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Sex-Specific Differences in Psoriatic Arthritis

A systematic review of published literature on psoriatic arthritis (PsA), clinical features, disease activity, and patient-reported outcomes (PROs) shows generally higher levels of disease activity in women, compared to men with PsA.

A metanalysis of published reports on adults with PsA, clinical variables and outcomes identified 31 publications of 27 unique studies.

While they found that women had higher rates of peripheral disease activity (ie, higher tender joint counts), men were more likely to have more axial disease and a greater skin disease burden with higher PASI and BSA scores.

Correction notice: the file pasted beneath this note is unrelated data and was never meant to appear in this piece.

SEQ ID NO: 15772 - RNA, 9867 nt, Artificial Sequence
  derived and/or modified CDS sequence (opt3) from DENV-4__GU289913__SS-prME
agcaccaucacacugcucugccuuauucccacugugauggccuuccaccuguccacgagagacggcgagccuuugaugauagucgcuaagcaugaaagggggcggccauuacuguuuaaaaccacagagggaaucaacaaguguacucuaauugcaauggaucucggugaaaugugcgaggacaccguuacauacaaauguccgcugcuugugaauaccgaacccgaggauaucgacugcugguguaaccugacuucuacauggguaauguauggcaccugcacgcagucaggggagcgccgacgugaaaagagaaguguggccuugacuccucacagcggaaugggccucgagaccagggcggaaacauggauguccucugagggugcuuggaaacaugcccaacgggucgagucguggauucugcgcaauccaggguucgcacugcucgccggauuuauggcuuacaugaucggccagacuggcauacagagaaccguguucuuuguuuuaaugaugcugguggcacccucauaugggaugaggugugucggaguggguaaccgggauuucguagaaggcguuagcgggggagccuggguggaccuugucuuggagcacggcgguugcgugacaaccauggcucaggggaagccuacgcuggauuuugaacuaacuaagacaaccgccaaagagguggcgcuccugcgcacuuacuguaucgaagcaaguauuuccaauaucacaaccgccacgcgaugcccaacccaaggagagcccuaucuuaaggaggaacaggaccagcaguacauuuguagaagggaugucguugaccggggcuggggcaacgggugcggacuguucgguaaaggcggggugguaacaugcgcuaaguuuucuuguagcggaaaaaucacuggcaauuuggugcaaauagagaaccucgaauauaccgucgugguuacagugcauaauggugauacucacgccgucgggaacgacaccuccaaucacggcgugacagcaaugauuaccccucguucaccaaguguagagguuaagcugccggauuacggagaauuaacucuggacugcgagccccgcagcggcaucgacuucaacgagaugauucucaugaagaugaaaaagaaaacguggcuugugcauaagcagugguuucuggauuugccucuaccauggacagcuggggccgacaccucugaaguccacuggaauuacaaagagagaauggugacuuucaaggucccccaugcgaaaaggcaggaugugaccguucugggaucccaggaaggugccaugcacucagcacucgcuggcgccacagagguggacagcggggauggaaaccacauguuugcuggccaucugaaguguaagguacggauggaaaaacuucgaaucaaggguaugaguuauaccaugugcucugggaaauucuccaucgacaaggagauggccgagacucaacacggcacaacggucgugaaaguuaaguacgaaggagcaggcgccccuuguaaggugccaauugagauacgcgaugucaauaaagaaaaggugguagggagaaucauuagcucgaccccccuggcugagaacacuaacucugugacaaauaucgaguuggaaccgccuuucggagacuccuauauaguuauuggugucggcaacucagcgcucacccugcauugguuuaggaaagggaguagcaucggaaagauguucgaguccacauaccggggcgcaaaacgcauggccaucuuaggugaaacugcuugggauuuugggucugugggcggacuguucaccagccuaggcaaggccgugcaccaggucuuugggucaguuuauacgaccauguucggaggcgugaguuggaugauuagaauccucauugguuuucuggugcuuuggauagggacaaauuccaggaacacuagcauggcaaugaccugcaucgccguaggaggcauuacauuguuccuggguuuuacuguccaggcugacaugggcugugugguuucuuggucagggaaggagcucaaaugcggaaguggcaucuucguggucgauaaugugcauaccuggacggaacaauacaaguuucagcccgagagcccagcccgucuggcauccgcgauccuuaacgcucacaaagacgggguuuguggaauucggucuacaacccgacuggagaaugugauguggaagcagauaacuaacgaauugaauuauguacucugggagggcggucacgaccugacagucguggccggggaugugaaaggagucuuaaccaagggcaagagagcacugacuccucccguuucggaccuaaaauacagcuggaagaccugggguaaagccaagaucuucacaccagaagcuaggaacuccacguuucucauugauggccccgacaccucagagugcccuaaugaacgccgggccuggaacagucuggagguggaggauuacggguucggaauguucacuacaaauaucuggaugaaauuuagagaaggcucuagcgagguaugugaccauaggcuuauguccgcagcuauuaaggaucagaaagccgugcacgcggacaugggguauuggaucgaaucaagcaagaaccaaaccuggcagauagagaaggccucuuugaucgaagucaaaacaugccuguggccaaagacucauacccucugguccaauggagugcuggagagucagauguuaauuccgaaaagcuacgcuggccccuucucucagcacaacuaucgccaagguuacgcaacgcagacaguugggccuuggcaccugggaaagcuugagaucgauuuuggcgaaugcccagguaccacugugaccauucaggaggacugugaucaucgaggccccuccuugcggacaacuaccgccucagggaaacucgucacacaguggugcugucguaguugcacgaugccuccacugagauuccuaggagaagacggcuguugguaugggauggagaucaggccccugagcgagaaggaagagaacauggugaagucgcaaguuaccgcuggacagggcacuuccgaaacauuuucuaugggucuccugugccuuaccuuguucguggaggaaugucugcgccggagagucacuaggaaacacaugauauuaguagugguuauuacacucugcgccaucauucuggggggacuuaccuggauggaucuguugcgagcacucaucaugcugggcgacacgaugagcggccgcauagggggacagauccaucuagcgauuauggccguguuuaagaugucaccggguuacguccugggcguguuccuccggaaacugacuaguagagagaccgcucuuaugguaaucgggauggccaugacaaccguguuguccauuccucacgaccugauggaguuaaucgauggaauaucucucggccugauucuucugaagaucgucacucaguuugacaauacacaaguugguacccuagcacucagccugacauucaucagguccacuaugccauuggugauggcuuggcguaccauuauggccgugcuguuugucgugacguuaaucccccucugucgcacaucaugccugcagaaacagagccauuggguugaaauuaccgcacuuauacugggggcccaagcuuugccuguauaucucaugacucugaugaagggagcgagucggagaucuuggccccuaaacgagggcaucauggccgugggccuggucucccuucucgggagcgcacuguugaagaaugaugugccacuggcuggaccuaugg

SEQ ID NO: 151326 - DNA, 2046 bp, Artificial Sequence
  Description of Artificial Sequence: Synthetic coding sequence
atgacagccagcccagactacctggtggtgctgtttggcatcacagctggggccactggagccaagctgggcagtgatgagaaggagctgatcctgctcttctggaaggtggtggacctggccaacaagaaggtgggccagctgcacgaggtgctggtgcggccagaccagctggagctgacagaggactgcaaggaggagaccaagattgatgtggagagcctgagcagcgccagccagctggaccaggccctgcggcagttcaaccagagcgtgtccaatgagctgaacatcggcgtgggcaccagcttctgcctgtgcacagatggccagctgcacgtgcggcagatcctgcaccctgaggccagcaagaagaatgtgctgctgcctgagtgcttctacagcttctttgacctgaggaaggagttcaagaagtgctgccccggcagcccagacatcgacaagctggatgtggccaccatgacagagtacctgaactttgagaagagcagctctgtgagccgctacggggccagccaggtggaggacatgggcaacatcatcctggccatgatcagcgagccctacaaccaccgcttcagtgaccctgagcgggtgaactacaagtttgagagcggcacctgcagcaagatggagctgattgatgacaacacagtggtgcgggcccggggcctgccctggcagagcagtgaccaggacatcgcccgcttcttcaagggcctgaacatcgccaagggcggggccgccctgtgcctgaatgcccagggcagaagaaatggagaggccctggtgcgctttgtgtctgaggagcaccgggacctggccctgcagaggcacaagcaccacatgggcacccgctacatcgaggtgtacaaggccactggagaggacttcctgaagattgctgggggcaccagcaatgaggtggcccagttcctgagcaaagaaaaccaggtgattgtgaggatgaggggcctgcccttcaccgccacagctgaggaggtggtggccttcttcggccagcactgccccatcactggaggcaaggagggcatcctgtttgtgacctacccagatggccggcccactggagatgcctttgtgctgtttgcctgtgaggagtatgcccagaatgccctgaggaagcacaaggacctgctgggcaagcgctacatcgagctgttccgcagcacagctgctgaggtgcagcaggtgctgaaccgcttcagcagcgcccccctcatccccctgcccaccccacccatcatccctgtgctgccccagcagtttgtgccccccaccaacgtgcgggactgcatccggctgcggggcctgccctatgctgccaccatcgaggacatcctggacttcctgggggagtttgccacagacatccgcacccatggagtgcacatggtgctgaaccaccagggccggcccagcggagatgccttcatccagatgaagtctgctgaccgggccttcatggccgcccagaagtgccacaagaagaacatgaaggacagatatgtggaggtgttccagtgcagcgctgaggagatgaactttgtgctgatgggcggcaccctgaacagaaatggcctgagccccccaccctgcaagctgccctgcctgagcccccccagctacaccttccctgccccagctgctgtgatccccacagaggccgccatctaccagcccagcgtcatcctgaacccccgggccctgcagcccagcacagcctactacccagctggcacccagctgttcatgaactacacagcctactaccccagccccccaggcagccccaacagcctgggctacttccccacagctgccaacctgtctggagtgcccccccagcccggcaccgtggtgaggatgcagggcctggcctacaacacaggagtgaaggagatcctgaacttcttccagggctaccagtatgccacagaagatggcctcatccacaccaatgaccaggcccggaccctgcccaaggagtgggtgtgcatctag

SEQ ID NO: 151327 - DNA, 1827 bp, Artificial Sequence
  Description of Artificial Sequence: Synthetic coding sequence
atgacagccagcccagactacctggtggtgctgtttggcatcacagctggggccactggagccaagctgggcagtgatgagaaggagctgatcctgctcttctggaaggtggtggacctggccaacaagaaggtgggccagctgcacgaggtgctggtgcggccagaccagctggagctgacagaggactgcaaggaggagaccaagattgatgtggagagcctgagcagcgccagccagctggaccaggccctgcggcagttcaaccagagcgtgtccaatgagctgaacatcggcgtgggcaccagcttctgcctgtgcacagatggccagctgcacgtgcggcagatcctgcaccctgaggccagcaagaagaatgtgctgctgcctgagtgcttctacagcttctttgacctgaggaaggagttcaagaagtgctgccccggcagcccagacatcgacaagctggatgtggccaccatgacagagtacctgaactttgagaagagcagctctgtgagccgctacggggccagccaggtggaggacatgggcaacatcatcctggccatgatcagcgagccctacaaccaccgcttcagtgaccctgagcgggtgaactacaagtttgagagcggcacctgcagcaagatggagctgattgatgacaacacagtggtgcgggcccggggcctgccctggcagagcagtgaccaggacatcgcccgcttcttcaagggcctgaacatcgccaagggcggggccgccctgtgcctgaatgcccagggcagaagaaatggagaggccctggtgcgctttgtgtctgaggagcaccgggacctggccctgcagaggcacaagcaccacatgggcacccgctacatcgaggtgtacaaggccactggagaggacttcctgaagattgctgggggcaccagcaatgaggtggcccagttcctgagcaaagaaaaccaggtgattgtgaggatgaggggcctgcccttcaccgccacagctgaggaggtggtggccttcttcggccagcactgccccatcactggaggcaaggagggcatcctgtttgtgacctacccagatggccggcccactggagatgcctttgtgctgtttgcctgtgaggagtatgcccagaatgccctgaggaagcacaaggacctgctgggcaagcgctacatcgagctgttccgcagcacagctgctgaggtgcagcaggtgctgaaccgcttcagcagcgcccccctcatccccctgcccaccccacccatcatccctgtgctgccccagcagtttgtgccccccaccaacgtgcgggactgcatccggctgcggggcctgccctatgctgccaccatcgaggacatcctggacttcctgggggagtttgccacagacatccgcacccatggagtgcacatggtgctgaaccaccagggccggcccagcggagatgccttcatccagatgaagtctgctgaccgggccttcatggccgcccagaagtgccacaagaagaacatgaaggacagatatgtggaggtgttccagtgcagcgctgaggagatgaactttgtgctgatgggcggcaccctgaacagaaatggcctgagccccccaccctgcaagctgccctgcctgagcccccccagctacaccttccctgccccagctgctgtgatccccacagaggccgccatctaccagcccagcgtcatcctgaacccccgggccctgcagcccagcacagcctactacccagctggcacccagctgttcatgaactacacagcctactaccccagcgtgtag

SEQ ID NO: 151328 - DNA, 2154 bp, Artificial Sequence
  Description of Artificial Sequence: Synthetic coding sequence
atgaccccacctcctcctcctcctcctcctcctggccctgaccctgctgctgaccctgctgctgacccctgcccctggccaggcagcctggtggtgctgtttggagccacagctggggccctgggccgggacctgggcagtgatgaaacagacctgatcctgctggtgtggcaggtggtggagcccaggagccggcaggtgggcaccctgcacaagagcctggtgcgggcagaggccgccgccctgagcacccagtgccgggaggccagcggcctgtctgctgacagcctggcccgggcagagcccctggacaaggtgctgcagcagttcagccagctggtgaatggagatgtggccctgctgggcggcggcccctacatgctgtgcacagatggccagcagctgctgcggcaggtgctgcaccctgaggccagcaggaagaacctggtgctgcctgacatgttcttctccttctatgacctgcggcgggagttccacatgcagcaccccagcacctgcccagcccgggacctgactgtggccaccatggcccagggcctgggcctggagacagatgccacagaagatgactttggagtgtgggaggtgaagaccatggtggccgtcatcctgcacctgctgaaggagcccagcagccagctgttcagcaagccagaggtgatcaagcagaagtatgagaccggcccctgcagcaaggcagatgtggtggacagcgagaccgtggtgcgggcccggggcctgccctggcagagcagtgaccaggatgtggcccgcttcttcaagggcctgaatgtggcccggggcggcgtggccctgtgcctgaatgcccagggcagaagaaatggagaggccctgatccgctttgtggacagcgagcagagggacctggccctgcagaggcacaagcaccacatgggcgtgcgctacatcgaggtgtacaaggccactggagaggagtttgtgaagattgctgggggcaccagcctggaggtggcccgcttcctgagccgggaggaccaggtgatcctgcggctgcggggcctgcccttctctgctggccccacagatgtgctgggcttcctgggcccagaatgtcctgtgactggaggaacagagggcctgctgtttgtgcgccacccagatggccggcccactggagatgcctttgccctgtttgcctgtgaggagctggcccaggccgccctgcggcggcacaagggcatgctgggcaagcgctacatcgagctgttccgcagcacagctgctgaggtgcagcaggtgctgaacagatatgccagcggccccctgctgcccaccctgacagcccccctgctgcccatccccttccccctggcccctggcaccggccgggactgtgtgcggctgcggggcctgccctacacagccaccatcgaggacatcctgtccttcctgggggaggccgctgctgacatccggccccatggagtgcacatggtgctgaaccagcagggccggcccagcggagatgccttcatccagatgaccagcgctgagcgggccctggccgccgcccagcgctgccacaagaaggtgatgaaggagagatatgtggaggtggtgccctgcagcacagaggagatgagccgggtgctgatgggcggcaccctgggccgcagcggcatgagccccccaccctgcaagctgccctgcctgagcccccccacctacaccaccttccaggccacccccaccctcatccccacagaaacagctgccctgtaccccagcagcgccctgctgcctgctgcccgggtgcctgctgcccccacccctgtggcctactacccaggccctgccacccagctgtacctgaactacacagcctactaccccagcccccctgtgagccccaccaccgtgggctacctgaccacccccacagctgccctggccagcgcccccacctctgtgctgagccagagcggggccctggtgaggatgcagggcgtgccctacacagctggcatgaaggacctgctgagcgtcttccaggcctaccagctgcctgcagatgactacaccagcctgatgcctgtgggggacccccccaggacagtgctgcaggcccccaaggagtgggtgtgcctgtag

The most often used PRO in psoriasis studies, the Dermatology Life Quality Index, was no different between the sexes, yet other PROs (ie, pain and fatigue) were worse in women.  Lastly, women had poorer treatment outcomes, as indicated by ACR response rates and the number of patients achieving minimal disease activity (MDA).

Reasons underlying these gender differences were not apparent and warrant futher study.


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The author has no conflicts of interest to disclose related to this subject